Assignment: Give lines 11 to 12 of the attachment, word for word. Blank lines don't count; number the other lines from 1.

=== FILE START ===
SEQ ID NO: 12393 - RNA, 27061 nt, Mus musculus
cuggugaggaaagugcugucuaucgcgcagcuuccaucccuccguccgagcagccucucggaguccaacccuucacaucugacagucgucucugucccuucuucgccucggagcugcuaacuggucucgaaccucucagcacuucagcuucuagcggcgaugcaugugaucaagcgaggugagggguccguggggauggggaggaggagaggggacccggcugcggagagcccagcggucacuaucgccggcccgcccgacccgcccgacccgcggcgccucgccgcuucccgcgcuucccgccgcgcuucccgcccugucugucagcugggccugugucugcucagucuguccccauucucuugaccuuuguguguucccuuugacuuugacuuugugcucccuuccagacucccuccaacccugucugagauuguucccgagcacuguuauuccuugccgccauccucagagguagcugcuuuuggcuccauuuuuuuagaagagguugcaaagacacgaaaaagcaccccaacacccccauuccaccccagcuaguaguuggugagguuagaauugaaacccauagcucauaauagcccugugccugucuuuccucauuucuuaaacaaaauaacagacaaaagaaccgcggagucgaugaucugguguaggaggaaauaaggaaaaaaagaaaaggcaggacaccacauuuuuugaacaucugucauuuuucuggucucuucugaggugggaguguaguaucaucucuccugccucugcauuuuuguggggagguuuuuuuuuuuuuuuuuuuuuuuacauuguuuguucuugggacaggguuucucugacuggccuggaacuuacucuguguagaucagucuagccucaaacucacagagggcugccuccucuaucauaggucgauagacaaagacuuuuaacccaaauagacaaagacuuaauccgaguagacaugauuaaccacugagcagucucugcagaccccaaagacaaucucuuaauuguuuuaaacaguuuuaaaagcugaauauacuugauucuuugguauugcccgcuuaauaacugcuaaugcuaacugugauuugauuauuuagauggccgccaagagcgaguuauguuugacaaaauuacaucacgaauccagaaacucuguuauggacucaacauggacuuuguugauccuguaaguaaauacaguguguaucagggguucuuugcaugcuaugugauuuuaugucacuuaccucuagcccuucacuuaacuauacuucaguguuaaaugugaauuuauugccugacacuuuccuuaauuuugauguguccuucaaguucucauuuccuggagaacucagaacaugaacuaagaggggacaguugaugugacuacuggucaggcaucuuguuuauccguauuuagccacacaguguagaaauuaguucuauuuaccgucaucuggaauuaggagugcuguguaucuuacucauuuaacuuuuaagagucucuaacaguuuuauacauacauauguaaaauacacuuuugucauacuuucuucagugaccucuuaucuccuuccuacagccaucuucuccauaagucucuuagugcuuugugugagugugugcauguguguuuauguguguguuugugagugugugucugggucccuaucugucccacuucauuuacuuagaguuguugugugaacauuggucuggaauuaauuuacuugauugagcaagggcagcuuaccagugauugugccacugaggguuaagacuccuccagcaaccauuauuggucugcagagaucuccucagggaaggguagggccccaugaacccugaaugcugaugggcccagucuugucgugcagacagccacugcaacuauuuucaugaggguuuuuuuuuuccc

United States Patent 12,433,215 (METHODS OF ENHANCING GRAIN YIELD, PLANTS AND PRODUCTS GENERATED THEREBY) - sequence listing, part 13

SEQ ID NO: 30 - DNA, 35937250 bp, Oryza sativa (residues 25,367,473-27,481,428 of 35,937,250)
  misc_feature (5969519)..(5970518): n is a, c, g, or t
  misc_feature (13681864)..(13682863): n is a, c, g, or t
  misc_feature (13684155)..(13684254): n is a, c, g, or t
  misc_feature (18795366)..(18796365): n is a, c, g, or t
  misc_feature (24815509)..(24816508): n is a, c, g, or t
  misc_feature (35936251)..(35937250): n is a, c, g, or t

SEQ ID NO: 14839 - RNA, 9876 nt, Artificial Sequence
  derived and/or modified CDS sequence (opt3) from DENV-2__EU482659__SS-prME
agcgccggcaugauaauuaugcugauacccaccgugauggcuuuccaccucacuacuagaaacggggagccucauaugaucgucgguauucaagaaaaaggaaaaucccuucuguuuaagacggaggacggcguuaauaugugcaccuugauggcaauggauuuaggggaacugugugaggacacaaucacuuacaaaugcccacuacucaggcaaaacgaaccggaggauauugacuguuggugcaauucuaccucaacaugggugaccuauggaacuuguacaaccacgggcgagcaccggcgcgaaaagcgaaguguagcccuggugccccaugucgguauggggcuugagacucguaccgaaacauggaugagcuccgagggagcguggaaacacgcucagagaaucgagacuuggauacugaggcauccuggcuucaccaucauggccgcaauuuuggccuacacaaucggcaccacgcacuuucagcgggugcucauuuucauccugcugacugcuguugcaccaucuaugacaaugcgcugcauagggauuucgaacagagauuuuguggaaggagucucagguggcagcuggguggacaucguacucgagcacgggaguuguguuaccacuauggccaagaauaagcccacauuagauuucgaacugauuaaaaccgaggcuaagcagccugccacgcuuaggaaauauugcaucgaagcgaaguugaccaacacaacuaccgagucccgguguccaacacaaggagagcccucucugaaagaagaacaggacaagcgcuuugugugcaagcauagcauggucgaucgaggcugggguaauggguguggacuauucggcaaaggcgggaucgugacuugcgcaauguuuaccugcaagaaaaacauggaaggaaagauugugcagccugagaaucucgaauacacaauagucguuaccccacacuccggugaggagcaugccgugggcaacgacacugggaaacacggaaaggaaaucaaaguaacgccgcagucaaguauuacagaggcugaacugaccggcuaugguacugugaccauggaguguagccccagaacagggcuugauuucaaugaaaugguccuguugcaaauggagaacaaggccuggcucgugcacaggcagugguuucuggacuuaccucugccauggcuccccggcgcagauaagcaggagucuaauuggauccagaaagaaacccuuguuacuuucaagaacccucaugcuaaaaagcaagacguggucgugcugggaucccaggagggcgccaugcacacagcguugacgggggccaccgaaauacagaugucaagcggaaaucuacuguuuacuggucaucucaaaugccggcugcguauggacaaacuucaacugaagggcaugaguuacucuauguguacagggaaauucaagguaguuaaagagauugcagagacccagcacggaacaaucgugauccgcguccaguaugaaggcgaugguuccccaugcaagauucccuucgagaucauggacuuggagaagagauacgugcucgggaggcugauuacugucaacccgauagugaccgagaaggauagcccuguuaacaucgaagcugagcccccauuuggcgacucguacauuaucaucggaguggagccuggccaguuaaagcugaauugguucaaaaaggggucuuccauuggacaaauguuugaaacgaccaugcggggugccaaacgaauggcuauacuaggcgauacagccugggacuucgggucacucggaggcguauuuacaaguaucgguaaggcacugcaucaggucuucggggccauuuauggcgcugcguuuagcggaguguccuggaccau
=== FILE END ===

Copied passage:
SEQ ID NO: 14839 - RNA, 9876 nt, Artificial Sequence
  derived and/or modified CDS sequence (opt3) from DENV-2__EU482659__SS-prME